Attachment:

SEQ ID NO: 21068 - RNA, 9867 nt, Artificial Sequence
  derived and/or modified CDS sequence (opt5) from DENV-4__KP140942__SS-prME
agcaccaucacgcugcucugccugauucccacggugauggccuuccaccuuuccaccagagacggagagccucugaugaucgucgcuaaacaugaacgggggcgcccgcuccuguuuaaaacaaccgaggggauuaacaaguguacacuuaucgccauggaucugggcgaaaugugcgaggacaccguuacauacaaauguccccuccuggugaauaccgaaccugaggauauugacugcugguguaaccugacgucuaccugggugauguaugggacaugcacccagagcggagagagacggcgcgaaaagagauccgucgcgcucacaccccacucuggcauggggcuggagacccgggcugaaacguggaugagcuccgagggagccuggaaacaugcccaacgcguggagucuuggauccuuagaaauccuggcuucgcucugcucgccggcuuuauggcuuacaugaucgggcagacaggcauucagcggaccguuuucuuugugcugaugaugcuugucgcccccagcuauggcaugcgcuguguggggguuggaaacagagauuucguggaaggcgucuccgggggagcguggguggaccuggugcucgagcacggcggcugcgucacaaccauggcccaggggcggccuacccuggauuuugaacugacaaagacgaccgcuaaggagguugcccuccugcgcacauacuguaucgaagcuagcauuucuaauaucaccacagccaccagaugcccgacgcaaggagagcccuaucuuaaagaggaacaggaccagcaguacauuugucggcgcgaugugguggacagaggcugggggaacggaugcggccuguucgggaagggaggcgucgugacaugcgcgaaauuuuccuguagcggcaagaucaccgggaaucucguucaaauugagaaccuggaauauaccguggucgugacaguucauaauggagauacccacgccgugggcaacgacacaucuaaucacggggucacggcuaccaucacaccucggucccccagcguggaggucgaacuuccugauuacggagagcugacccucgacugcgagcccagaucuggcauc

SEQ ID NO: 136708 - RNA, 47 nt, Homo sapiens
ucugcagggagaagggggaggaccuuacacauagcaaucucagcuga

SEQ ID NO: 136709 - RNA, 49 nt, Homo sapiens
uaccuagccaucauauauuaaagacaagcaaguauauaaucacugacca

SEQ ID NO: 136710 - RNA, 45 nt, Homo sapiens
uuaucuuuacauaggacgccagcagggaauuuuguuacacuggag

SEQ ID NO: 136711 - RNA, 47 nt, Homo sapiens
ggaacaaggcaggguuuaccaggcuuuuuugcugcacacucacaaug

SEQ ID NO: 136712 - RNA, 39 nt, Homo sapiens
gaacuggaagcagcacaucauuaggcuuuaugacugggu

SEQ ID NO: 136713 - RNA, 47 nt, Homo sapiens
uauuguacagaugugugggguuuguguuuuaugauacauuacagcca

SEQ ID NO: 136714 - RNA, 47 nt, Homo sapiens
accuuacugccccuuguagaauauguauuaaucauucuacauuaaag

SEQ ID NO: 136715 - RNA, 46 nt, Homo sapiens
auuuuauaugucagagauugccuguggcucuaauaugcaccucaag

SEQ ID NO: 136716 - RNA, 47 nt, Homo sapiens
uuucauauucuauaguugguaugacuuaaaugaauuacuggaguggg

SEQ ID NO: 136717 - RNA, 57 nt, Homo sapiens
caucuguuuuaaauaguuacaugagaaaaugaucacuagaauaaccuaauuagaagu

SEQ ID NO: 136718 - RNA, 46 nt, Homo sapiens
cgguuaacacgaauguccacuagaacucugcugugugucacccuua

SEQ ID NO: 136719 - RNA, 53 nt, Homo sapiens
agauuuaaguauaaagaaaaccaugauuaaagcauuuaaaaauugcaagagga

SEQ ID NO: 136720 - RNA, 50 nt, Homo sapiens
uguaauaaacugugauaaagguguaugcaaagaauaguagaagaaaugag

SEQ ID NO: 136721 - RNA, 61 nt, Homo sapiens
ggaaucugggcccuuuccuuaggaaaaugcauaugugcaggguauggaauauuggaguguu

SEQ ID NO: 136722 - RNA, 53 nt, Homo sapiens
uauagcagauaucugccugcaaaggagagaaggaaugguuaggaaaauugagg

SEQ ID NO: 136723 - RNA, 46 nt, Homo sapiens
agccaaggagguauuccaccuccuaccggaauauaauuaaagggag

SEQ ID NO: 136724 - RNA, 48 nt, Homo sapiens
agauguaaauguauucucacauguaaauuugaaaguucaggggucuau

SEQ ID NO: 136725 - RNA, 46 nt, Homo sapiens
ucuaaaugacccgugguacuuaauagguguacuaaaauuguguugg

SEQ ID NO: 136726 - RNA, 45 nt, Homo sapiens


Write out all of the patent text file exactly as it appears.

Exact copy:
SEQ ID NO: 21068 - RNA, 9867 nt, Artificial Sequence
  derived and/or modified CDS sequence (opt5) from DENV-4__KP140942__SS-prME
agcaccaucacgcugcucugccugauucccacggugauggccuuccaccuuuccaccagagacggagagccucugaugaucgucgcuaaacaugaacgggggcgcccgcuccuguuuaaaacaaccgaggggauuaacaaguguacacuuaucgccauggaucugggcgaaaugugcgaggacaccguuacauacaaauguccccuccuggugaauaccgaaccugaggauauugacugcugguguaaccugacgucuaccugggugauguaugggacaugcacccagagcggagagagacggcgcgaaaagagauccgucgcgcucacaccccacucuggcauggggcuggagacccgggcugaaacguggaugagcuccgagggagccuggaaacaugcccaacgcguggagucuuggauccuuagaaauccuggcuucgcucugcucgccggcuuuauggcuuacaugaucgggcagacaggcauucagcggaccguuuucuuugugcugaugaugcuugucgcccccagcuauggcaugcgcuguguggggguuggaaacagagauuucguggaaggcgucuccgggggagcguggguggaccuggugcucgagcacggcggcugcgucacaaccauggcccaggggcggccuacccuggauuuugaacugacaaagacgaccgcuaaggagguugcccuccugcgcacauacuguaucgaagcuagcauuucuaauaucaccacagccaccagaugcccgacgcaaggagagcccuaucuuaaagaggaacaggaccagcaguacauuugucggcgcgaugugguggacagaggcugggggaacggaugcggccuguucgggaagggaggcgucgugacaugcgcgaaauuuuccuguagcggcaagaucaccgggaaucucguucaaauugagaaccuggaauauaccguggucgugacaguucauaauggagauacccacgccgugggcaacgacacaucuaaucacggggucacggcuaccaucacaccucggucccccagcguggaggucgaacuuccugauuacggagagcugacccucgacugcgagcccagaucuggcauc

SEQ ID NO: 136708 - RNA, 47 nt, Homo sapiens
ucugcagggagaagggggaggaccuuacacauagcaaucucagcuga

SEQ ID NO: 136709 - RNA, 49 nt, Homo sapiens
uaccuagccaucauauauuaaagacaagcaaguauauaaucacugacca

SEQ ID NO: 136710 - RNA, 45 nt, Homo sapiens
uuaucuuuacauaggacgccagcagggaauuuuguuacacuggag

SEQ ID NO: 136711 - RNA, 47 nt, Homo sapiens
ggaacaaggcaggguuuaccaggcuuuuuugcugcacacucacaaug

SEQ ID NO: 136712 - RNA, 39 nt, Homo sapiens
gaacuggaagcagcacaucauuaggcuuuaugacugggu

SEQ ID NO: 136713 - RNA, 47 nt, Homo sapiens
uauuguacagaugugugggguuuguguuuuaugauacauuacagcca

SEQ ID NO: 136714 - RNA, 47 nt, Homo sapiens
accuuacugccccuuguagaauauguauuaaucauucuacauuaaag

SEQ ID NO: 136715 - RNA, 46 nt, Homo sapiens
auuuuauaugucagagauugccuguggcucuaauaugcaccucaag

SEQ ID NO: 136716 - RNA, 47 nt, Homo sapiens
uuucauauucuauaguugguaugacuuaaaugaauuacuggaguggg

SEQ ID NO: 136717 - RNA, 57 nt, Homo sapiens
caucuguuuuaaauaguuacaugagaaaaugaucacuagaauaaccuaauuagaagu

SEQ ID NO: 136718 - RNA, 46 nt, Homo sapiens
cgguuaacacgaauguccacuagaacucugcugugugucacccuua

SEQ ID NO: 136719 - RNA, 53 nt, Homo sapiens
agauuuaaguauaaagaaaaccaugauuaaagcauuuaaaaauugcaagagga

SEQ ID NO: 136720 - RNA, 50 nt, Homo sapiens
uguaauaaacugugauaaagguguaugcaaagaauaguagaagaaaugag

SEQ ID NO: 136721 - RNA, 61 nt, Homo sapiens
ggaaucugggcccuuuccuuaggaaaaugcauaugugcaggguauggaauauuggaguguu

SEQ ID NO: 136722 - RNA, 53 nt, Homo sapiens
uauagcagauaucugccugcaaaggagagaaggaaugguuaggaaaauugagg

SEQ ID NO: 136723 - RNA, 46 nt, Homo sapiens
agccaaggagguauuccaccuccuaccggaauauaauuaaagggag

SEQ ID NO: 136724 - RNA, 48 nt, Homo sapiens
agauguaaauguauucucacauguaaauuugaaaguucaggggucuau

SEQ ID NO: 136725 - RNA, 46 nt, Homo sapiens
ucuaaaugacccgugguacuuaauagguguacuaaaauuguguugg

SEQ ID NO: 136726 - RNA, 45 nt, Homo sapiens